No money? No problem!


Of all the problems associated with the Global Financial Crisis, perhaps the most troubling is only just now coming to light: people have forgotten how to make money. Back in the late 90s through mid 00s, everyone had lots of money, but as the banks begun to collapse, a wave of collective amnesia has apparently descended on the population and everyone seems to have forgotten exactly what they were doing with it in the first place.

This is borne out, for example, in the lack of jobs being created even back when the government still bothered to claim the recession was over on various technicalities: the simple reason for this is that there is no real reason to pay anyone for anything, as people will do whatever you want them to for free. The pioneers in this new field of volunteer exploitation has ironically been a sector that many financial analysts have declared moribund: print media. When you next read a paper, particular a local paper, reflect if you will on the fact that nothing you have read has been written by someone who has been paid. Instead, it is all written by a team of travelling interns, mostly recent English Literature graduates, who move from paper-to-paper writing for each of them in turn for a few months for no pay on the off-chance they might one day be given some money for doing so, but of course they never are because these days even many senior staffers are paid in free CDs and foreign trips rather than being given a conventional wage, plunging them to the brink of poverty: The Guardian‘s Marina Hyde, for example, has been claiming housing benefit since March 2009, whilst her colleague Simon Jenkins has been forced to move back in with his parents in their former council house in Bromsgrove. And yet the model works beautifully, because despite the clear lack of proportionate remuneration, this has not deterred the stricken writers from continuing to write.

It is therefore no surprise that David Cameron wishes to roll out this model of employment on a country-wide scale. We all know that the government needs to make budget cuts: we know this because we are constantly told this, and then somebody mentions Greece. I think the whole of Greece is on fire because they didn’t cut the budget, or something. Hence: the Big Society programme. No longer will schools, post offices, libraries, public transport providers, housing projects, public houses, and so on, need to be run by people on expensive salaries. Instead, they will be taken over by charities and run by volunteers. It might be objected: “who will actually bother to do these deeply necessary jobs without any prospect of financial gain? Surely they’ll take up all of someone’s labour time and they won’t be given any money, so they won’t do it.” But that is, of course, deeply naïve thinking inspired by a pre-Credit Crunch mentality. No: there are tens of thousands of enthusiastic young people, recent graduates, out there who have no job, no real prospect of finding a half-decent job, who will do anything to beef up their CV and make it look like they are someone who deserves to be paid for doing a proper job like the one they might have imagined themselves getting when they started university. These people are young, bright, and eager to please. So, they will make perfect unpaid volunteers to run our essential services forever and ever.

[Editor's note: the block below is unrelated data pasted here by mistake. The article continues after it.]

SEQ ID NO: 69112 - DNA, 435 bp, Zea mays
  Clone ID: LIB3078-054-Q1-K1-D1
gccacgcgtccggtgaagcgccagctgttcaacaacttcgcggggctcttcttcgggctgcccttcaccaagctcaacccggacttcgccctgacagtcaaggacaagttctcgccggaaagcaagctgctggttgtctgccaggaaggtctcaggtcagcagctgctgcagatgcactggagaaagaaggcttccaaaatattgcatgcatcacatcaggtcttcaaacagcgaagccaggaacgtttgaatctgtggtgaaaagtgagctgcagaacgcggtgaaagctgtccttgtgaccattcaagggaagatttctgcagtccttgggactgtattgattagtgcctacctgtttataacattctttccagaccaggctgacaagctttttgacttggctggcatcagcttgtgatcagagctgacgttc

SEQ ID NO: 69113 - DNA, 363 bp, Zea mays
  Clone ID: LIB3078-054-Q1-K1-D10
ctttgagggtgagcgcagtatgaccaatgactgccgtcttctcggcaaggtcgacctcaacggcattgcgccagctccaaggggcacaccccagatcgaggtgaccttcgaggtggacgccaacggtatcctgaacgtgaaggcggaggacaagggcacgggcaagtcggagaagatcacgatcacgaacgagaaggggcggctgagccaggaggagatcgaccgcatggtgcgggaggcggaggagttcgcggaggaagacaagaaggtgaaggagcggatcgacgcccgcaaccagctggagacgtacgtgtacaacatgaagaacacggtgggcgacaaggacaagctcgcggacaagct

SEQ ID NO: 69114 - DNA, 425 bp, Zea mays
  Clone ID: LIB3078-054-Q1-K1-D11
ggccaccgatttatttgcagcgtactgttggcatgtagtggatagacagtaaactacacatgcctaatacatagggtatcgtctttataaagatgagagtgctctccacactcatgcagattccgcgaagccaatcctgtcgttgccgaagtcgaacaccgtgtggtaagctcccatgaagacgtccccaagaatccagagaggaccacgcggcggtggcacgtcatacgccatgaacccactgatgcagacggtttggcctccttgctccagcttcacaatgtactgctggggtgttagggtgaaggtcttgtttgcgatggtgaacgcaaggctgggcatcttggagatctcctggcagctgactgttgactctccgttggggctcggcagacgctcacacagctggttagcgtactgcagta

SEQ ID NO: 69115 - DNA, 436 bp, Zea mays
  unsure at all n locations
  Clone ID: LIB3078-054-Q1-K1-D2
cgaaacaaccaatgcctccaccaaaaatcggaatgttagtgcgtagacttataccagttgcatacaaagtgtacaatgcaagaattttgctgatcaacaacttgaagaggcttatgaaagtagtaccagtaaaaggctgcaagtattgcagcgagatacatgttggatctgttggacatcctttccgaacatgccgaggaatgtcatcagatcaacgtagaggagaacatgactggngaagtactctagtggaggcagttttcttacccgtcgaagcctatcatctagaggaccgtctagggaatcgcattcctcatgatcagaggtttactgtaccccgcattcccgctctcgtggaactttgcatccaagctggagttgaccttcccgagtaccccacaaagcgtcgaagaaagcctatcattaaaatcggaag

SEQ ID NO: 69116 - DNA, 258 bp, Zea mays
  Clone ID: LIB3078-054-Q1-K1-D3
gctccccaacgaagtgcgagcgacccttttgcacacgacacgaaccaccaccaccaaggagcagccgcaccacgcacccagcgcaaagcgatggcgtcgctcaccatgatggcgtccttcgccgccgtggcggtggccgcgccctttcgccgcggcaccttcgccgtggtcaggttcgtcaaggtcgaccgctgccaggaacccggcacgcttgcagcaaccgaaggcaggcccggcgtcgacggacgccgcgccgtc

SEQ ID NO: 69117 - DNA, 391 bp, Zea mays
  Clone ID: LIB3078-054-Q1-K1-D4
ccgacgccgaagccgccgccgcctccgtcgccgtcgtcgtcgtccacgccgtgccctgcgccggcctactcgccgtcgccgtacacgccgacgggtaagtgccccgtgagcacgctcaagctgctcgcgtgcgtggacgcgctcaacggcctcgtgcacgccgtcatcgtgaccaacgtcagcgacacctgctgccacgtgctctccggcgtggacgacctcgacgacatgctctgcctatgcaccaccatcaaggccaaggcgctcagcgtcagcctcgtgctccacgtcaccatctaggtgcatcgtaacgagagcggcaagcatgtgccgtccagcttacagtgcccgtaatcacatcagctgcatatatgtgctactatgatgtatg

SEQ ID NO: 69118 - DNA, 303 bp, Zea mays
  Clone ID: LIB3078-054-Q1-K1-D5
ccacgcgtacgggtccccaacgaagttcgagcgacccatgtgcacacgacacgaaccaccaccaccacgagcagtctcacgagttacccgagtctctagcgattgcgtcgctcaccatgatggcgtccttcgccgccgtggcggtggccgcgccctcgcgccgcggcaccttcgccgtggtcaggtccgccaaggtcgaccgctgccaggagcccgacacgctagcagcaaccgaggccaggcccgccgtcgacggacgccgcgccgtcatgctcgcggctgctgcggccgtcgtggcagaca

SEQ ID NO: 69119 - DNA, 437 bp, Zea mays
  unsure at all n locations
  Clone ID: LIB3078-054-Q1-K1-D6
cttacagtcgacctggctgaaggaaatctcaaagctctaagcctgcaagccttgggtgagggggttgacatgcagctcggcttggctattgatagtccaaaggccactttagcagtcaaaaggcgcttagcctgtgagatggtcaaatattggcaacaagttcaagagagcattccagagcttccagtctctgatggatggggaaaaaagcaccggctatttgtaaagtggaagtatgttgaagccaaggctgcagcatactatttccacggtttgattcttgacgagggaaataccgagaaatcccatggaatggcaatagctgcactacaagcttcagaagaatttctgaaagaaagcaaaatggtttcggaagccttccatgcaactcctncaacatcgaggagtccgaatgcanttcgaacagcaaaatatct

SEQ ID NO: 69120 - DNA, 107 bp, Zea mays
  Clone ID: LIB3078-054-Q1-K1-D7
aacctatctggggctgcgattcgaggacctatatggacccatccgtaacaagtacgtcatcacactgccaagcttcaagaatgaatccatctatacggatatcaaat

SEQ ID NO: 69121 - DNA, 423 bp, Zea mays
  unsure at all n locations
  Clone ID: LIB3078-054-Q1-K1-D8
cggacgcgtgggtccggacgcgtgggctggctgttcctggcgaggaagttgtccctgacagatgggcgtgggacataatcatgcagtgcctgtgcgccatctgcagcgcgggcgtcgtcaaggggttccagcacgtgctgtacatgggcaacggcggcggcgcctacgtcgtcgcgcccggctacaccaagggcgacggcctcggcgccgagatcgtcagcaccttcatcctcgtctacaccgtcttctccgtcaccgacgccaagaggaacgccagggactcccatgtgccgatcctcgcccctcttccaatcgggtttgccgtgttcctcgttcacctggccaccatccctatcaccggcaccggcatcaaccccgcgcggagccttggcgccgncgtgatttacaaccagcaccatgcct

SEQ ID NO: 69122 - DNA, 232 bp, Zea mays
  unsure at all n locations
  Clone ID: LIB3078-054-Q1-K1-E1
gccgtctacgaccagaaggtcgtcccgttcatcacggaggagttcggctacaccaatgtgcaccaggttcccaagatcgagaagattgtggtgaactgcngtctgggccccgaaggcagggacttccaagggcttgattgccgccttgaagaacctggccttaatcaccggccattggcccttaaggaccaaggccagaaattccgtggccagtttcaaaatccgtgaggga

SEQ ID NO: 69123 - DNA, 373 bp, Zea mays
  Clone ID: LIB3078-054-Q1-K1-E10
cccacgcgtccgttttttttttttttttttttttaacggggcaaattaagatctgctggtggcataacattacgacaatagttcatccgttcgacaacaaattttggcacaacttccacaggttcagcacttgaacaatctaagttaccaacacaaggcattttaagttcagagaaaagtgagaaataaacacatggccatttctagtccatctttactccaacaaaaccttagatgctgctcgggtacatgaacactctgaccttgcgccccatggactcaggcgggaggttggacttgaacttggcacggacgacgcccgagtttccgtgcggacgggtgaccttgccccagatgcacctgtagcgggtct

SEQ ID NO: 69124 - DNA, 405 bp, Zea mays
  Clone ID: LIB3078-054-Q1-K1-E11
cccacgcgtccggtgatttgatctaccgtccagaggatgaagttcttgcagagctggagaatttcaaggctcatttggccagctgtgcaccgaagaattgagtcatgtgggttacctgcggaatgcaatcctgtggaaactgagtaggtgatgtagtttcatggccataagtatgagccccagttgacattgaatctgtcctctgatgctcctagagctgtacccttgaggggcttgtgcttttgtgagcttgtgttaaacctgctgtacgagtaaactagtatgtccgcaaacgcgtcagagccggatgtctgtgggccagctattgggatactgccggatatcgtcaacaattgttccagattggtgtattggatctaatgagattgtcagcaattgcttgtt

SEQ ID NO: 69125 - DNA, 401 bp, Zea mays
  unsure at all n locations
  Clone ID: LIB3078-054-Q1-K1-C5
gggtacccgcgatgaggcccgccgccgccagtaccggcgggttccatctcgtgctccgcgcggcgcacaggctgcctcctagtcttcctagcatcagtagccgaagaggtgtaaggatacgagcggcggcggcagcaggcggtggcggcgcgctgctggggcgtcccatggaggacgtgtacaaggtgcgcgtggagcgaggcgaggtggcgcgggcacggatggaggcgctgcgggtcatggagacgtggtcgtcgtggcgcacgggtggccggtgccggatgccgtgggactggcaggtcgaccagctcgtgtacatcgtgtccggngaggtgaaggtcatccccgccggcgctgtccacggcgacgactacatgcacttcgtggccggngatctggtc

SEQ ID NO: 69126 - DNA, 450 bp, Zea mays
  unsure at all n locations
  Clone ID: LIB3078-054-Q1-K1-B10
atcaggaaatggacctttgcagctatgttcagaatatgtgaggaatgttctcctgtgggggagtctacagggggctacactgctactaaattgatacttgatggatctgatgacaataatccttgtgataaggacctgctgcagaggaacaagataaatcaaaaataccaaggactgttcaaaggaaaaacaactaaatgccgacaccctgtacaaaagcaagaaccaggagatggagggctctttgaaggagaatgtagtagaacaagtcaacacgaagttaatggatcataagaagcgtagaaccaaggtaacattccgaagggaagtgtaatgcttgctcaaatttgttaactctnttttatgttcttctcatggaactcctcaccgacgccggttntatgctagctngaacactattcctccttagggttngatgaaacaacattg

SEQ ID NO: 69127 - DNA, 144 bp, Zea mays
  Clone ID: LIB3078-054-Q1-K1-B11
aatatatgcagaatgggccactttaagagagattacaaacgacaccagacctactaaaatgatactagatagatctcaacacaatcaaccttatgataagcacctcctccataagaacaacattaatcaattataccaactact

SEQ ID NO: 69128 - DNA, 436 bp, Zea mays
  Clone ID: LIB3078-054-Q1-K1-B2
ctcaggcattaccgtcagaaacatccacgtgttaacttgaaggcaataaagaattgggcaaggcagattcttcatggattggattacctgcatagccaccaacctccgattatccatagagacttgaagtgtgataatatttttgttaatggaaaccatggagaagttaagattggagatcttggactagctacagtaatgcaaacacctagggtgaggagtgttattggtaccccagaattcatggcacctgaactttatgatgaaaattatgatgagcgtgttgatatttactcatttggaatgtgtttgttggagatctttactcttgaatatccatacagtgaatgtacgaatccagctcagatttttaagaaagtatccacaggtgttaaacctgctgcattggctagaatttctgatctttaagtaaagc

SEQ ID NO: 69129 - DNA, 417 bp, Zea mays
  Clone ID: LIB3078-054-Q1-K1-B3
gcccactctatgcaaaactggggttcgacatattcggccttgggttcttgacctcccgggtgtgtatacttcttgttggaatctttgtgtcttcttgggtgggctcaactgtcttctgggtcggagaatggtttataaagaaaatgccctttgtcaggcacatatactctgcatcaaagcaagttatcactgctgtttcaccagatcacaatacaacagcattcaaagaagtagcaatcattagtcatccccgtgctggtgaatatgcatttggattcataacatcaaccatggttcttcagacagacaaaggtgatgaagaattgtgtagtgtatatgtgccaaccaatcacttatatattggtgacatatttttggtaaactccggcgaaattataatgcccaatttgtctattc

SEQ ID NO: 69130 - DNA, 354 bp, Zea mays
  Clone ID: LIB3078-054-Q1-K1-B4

And what’s more, this is a measure brilliantly in tune with the current discourse surrounding the salaries of public sector employees. In the wake of the incomprehensibly borish and still raging MPs’ expenses scandalgate, it is gradually becoming evident that the general public do not respond generously to ‘their’ money being spent on the wages of other people, even if they are doing essential jobs really well: just take the example of headteacher Mark Elms and his £240,000 a year salary, or this other one here in this Daily Mail article, who isn’t paid quite as much because obviously that would lead to a completely incomprehensible figure of money.  Now, once one would have thought the sensible argument would have gone: “but they’re doing really good jobs in very difficult schools and the public sector needs to attract the best people and what’s more they deserve to be rewarded.” But no longer. Obviously people who still think this way need to be sent into camps to be re-educated because actually how DARE headteachers claim more than classroom assistants? So you see if you think critically around the issue you will find that no one should ever be paid anything at all until they retire and receive generous pensions.


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